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Selling Intensifies Amid North Korea Concern; Trump: Maybe My "Fury" Threat Wasn't Tough Enough; Snap Shares Plunge on Earnings Report; Uber's Exodus Grows; Department Stores on Struggle Street;. Aired 4-5p ET

Aired August 10, 2017 - 16:00   ET


[16:00:00] RICHARD QUEST, CNN HOST: Closing Bell ringing on Wall Street. The Dow is off the best part of 200 points, the lowest point of the

session. We've got markets down around the world. But a firm gavel from Allison Transmission. A relief gavel today. It's Thursday. It's the 10th

of August.

North Korea and the fear looms large over the markets. Expected to hear more from President Trump at any moment. But this is how the markets are

just closing at the moment. We'll get down too much more detail over the course of this program. The Nasdaq is the biggest loser of more than 2


Also in this hour, Snap earnings are out in a matter of moments and will look at how Facebook is eating its lunch. And you built them up, and you

knock them down. Lego replaced its chief executive just after eight months.

I am Richard quest, live in the world's financial capital, New York, where it looks like the Dow is off 200, the lowest point of the session. I mean


Good evening. Tonight, the accelerating selling on markets around the world. As North Korea warns its plan to fire rockets toward the American

territory of Guam will be ready in a matter of days. And President Trump has responded, doubling down on his earlier remarks, threatening fire and

fury. He said perhaps those comments were not tough enough. We'll hear more from the U.S. president shortly and you'll hear him in his own were


The Dow plunged back below the 22,000 mark at the open. And it stayed lower for the whole session. That may be the biggest fall off since May.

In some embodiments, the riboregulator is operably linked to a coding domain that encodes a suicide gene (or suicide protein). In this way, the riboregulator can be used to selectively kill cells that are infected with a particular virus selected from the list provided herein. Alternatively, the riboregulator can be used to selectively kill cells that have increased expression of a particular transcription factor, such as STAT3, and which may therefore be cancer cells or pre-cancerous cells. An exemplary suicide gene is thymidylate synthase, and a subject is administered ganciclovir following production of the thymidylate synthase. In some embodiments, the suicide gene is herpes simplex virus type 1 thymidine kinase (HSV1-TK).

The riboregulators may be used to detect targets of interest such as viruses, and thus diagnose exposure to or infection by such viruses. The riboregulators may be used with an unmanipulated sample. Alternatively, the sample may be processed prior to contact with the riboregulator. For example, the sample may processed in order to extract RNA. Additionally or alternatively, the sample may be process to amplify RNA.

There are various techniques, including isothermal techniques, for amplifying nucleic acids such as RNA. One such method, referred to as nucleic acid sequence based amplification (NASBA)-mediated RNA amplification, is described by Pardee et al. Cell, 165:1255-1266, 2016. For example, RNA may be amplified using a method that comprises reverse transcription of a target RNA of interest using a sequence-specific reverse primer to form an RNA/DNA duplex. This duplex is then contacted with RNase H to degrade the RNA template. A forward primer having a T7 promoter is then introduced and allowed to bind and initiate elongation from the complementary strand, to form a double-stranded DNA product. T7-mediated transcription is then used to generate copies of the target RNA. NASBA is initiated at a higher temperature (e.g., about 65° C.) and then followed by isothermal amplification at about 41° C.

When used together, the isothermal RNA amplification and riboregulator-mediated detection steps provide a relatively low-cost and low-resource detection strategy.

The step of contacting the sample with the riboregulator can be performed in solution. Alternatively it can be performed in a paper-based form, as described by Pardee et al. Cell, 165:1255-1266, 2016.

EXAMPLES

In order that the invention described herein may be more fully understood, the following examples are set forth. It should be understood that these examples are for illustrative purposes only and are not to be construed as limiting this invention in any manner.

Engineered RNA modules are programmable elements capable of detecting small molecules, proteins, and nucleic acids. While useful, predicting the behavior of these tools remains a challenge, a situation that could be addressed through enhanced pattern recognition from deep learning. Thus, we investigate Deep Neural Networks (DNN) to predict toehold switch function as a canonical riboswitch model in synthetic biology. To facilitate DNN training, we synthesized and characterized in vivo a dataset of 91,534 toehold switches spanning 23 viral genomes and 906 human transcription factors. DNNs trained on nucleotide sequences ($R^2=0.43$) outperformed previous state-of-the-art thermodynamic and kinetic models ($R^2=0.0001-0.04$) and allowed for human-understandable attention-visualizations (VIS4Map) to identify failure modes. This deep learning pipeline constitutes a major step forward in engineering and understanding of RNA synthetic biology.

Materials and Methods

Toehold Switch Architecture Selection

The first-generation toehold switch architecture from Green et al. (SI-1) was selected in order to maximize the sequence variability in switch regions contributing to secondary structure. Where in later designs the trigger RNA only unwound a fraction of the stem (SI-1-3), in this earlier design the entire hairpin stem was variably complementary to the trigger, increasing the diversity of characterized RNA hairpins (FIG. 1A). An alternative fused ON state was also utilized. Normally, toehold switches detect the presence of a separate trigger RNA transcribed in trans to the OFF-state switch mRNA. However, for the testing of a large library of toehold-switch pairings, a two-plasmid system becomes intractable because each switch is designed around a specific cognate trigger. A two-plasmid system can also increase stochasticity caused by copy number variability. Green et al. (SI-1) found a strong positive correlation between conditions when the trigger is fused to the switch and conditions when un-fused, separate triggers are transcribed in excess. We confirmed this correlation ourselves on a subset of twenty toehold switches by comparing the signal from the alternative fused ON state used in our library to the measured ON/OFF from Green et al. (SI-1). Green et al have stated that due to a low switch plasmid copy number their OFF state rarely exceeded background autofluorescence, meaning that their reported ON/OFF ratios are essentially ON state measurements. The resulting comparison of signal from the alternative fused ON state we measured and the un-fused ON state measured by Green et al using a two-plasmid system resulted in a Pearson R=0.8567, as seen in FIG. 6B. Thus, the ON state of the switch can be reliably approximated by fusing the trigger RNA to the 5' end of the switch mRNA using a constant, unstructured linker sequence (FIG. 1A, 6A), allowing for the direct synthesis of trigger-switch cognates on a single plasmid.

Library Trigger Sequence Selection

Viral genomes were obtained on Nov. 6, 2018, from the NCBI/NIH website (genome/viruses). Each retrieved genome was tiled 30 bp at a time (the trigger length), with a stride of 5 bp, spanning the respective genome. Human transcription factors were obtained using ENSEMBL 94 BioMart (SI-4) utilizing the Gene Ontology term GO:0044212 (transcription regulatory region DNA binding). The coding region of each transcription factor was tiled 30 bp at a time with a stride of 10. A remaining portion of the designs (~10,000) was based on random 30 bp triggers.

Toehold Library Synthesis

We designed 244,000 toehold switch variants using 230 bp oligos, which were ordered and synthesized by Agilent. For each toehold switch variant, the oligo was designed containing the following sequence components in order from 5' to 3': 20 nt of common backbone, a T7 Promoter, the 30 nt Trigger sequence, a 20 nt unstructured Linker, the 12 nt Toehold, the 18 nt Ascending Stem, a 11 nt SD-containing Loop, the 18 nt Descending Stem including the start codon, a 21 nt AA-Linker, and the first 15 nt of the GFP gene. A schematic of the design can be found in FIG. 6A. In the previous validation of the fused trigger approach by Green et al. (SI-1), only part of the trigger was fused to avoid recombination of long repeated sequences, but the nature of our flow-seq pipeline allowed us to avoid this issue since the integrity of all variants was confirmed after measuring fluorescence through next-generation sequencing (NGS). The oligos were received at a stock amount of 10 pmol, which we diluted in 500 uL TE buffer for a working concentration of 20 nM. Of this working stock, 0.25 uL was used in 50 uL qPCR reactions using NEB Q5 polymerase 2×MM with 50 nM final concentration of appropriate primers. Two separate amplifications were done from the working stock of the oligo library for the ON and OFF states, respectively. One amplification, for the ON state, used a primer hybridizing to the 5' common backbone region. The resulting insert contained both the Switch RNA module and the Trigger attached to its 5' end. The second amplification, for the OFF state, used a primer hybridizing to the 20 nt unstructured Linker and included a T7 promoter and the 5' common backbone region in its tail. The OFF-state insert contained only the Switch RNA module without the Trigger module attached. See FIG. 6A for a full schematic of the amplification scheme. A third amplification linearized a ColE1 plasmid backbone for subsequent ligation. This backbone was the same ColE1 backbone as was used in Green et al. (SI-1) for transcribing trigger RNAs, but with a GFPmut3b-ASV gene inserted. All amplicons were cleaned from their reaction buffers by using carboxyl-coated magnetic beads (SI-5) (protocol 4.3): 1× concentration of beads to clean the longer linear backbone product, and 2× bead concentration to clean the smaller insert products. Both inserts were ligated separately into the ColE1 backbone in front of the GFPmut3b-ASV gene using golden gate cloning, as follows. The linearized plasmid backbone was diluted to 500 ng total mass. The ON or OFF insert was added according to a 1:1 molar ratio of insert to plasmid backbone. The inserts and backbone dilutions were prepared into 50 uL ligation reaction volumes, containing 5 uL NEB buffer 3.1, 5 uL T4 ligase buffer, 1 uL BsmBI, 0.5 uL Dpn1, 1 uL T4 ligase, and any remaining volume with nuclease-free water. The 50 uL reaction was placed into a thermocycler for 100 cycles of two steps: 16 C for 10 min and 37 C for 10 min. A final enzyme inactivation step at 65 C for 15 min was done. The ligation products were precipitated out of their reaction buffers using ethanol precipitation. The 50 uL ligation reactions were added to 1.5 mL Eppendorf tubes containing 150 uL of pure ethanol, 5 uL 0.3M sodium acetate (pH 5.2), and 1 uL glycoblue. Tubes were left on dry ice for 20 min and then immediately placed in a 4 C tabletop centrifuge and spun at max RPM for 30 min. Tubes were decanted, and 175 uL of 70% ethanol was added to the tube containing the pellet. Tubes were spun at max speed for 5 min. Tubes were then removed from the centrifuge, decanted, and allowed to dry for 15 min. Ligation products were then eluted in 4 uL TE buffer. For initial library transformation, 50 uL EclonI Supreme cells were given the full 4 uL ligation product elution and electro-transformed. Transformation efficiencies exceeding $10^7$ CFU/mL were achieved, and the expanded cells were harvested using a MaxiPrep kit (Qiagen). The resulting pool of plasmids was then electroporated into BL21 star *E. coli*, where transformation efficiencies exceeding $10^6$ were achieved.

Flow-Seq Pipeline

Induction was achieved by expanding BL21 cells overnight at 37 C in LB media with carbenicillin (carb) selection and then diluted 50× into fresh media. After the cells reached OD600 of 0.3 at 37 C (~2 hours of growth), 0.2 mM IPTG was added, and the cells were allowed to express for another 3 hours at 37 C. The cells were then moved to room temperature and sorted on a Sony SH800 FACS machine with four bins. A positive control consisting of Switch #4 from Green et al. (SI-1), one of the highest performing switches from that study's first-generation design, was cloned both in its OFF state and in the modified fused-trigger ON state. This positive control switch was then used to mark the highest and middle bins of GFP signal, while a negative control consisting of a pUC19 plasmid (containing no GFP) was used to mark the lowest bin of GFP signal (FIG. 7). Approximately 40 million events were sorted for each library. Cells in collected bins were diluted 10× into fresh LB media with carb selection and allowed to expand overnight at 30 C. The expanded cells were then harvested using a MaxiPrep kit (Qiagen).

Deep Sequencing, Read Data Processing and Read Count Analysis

It accelerated after the Donald Trump spoke. Volatility, the VIX index is up 40 odd percent. Which is now at the highest point in three years. And

gold was up 1 percent. With Swiss franc was up, all the safe havens.

And this is the way the world looks. The selloff isn't limited to the U.S. markets. It began in Asia. Interestingly, the soul KOSPI, where the

locusts, if you like, are much of the issues at the moment with North Korea. The Shanghai composite, the Hong Kong Hang Seng, which is often the

most volatile, saw the worst of the day.

In Europe, it was London with the FTSE. Europe was exacerbated by company results. And in the United States the third straight fall for all three

indices. The first time since April. And the Nasdaq, by the way, was the lowest down. I think if you look at the graph of the Dow Jones, that makes

it absolutely clear we've got the graph. You see clearly unhappiness throughout the session. That's "QUEST EXPRESS" when we're on air. As it

goes into the afternoon this rally. But the largest selling toward the close.

We need to understand what that was about. Ted Weisberg is the president of Seaport securities, joins me now from the New York Stock Exchange. And

Ted, what did happen in that last half hour, 45 minutes that exacerbated and accelerated the losses.

We appear, we couldn't hear you, Ted. You can you hear me, but I can't hear you. So, will come back to you, Ted. The moment we can actually get

your sound.

President Trump's declined to rule out a preemptive strike on North Korea. Perhaps not surprisingly. Speaking to reporters a short time ago. The

U.S. president said his previous talk of fire and fury may not have been tough enough.


DONALD TRUMP, PRESIDENT OF THE UNITED STATES: If North Korea does anything in terms of even thinking about attack of anybody that we love or we